Approve: 58%

Disapprove: 35%

Not sure: 7%

The second question, listed as #21 (which brings to mind a news article I will write a different post about soon):

Would you approve or disapprove of a proposal that would require companies to reduce greenhouse gases that cause global warming, even if it would mean higher utility bills for consumers to pay for the changes?

Approve: 53%

Disapprove: 40%

Not sure: 7%

While these results didn’t generate the kind of response the ABC/WaPo questions did, they’re still very significant, especially in this economy.  At least a majority of Amerians support charging GHG emitting companies, even if their utility bills could increase.  I think these results would look even better once President Obama addresses them with the American people in a substantial way over the course of weeks or months.  Few Americans know what candidate-Obama’s energy plan looked like and few Americans know what the draft climate legislation contained.  Once that information is made widely available, Americans should be able to easily see the benefits that the plans will bring.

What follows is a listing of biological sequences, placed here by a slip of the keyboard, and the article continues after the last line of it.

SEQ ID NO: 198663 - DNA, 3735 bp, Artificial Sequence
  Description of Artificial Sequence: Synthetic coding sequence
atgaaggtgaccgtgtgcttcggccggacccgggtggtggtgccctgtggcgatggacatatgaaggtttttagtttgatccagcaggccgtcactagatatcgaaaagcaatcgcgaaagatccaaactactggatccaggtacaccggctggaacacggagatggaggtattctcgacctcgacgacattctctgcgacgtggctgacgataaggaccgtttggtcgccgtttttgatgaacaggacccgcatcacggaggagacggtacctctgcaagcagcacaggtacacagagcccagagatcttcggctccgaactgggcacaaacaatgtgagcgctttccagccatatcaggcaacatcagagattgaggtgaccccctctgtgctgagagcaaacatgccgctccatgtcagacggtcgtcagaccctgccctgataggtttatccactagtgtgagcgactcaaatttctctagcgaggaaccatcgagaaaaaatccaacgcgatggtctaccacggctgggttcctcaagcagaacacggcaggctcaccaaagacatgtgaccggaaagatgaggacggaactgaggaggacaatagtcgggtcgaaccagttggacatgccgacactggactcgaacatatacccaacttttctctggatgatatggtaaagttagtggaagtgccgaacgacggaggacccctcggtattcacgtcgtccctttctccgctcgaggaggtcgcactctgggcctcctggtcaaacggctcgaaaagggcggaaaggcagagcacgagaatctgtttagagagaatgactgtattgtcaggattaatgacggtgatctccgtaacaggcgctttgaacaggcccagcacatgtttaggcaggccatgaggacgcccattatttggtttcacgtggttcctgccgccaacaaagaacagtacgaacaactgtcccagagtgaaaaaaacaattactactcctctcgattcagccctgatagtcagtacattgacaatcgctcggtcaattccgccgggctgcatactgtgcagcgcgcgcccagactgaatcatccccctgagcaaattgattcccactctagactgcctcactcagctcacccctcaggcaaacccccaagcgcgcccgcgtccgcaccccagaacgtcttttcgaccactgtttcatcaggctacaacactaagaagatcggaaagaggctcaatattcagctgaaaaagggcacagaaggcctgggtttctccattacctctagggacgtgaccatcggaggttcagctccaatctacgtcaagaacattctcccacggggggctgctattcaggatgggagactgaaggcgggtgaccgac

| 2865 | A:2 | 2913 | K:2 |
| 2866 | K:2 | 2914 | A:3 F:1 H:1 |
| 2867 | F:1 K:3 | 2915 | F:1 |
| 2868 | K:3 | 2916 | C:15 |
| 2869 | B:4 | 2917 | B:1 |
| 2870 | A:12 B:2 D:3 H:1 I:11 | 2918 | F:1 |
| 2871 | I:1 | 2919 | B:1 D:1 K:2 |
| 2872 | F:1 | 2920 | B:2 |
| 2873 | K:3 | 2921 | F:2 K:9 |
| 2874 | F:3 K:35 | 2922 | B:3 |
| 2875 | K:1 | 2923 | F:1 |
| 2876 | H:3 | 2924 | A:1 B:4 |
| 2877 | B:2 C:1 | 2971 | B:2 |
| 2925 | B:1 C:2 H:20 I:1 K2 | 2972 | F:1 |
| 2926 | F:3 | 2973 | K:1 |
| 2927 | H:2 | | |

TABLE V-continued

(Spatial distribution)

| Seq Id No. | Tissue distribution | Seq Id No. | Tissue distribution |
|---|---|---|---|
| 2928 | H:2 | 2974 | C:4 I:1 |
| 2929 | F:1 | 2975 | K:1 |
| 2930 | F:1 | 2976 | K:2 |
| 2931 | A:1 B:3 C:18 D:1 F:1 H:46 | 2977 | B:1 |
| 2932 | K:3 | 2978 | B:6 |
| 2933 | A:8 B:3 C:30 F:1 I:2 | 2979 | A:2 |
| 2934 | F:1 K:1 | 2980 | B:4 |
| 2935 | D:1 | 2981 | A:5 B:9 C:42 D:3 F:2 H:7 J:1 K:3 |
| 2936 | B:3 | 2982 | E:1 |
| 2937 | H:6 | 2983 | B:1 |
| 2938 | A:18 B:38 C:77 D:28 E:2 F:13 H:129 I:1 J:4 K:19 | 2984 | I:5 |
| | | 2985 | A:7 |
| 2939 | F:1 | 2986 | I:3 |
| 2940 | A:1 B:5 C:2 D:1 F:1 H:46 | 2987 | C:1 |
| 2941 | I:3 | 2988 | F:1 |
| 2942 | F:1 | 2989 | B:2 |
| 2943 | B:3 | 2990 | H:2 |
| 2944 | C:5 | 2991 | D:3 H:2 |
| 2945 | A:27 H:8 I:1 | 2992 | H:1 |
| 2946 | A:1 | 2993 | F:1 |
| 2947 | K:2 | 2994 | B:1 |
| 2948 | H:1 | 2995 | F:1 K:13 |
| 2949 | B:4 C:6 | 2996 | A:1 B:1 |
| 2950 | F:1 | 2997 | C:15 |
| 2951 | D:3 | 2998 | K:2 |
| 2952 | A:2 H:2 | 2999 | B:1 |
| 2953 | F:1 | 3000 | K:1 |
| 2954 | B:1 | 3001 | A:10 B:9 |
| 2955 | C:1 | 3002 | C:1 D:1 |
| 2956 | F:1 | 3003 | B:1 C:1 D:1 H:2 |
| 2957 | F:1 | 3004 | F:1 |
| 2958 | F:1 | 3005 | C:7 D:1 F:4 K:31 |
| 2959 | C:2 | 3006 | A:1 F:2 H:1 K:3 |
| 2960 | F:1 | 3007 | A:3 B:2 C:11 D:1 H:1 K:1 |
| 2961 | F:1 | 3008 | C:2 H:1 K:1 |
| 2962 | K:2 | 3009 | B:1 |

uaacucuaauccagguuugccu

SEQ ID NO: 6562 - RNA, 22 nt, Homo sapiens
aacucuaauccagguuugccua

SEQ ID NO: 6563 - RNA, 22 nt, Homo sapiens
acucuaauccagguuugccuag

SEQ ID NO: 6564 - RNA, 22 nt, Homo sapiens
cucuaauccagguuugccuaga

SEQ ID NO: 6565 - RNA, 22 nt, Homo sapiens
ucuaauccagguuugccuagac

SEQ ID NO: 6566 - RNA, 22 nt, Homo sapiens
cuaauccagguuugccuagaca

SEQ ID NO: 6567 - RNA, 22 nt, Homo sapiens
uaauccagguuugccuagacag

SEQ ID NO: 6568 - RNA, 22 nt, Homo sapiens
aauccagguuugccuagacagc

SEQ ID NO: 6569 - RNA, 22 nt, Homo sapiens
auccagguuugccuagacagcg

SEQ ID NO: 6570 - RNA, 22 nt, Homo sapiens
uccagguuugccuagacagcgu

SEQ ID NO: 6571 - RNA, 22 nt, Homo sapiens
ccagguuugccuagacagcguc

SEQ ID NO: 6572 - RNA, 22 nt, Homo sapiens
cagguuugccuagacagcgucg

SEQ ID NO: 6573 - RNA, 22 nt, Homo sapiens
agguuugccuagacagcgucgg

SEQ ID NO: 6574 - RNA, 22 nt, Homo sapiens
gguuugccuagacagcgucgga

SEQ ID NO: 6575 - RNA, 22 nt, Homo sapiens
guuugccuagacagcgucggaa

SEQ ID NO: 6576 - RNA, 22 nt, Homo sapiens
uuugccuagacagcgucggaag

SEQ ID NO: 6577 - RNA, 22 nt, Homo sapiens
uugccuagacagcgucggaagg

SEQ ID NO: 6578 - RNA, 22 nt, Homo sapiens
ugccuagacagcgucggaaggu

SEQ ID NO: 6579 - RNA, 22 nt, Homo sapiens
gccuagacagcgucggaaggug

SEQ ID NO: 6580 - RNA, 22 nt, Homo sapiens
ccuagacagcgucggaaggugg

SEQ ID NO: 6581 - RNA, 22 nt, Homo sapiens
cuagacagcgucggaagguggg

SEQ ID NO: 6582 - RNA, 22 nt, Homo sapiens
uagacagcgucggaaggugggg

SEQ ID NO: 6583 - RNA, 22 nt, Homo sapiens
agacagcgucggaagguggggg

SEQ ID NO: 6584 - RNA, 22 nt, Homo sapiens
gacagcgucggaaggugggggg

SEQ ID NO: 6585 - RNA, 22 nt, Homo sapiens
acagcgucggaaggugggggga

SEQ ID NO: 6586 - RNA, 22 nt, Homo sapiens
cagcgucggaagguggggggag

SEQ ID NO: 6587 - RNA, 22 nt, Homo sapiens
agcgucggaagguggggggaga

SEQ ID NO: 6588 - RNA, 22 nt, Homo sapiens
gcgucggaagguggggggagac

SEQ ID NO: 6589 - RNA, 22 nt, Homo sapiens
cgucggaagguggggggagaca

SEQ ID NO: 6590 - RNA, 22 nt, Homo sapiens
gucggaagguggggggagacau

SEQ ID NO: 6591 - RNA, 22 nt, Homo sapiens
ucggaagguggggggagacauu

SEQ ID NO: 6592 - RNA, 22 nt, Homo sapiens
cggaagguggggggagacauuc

Unfortunately, I don’t expect any Cons in the Senate to support such legislation.  By the same token, I do expect a number of ConservaDems to join the Cons in both watering down cliamte change legislation and/or blocking its passage to a significant degree.  I expect that to happen despite results like those above, for the simple reason that dirty energy lobbyists will be swarming the capital during legislation development.  We as Coloradans and Americans can do our part by staying in contact with our Representatives and Senators Udall and Bennet about our expectations for climate change legislation.  Remember, the problem is worse than most people realize.  We need this legislation to be as strong and aggressive as possible in reducing our GHG emissions.

Cross-posted at SquareState.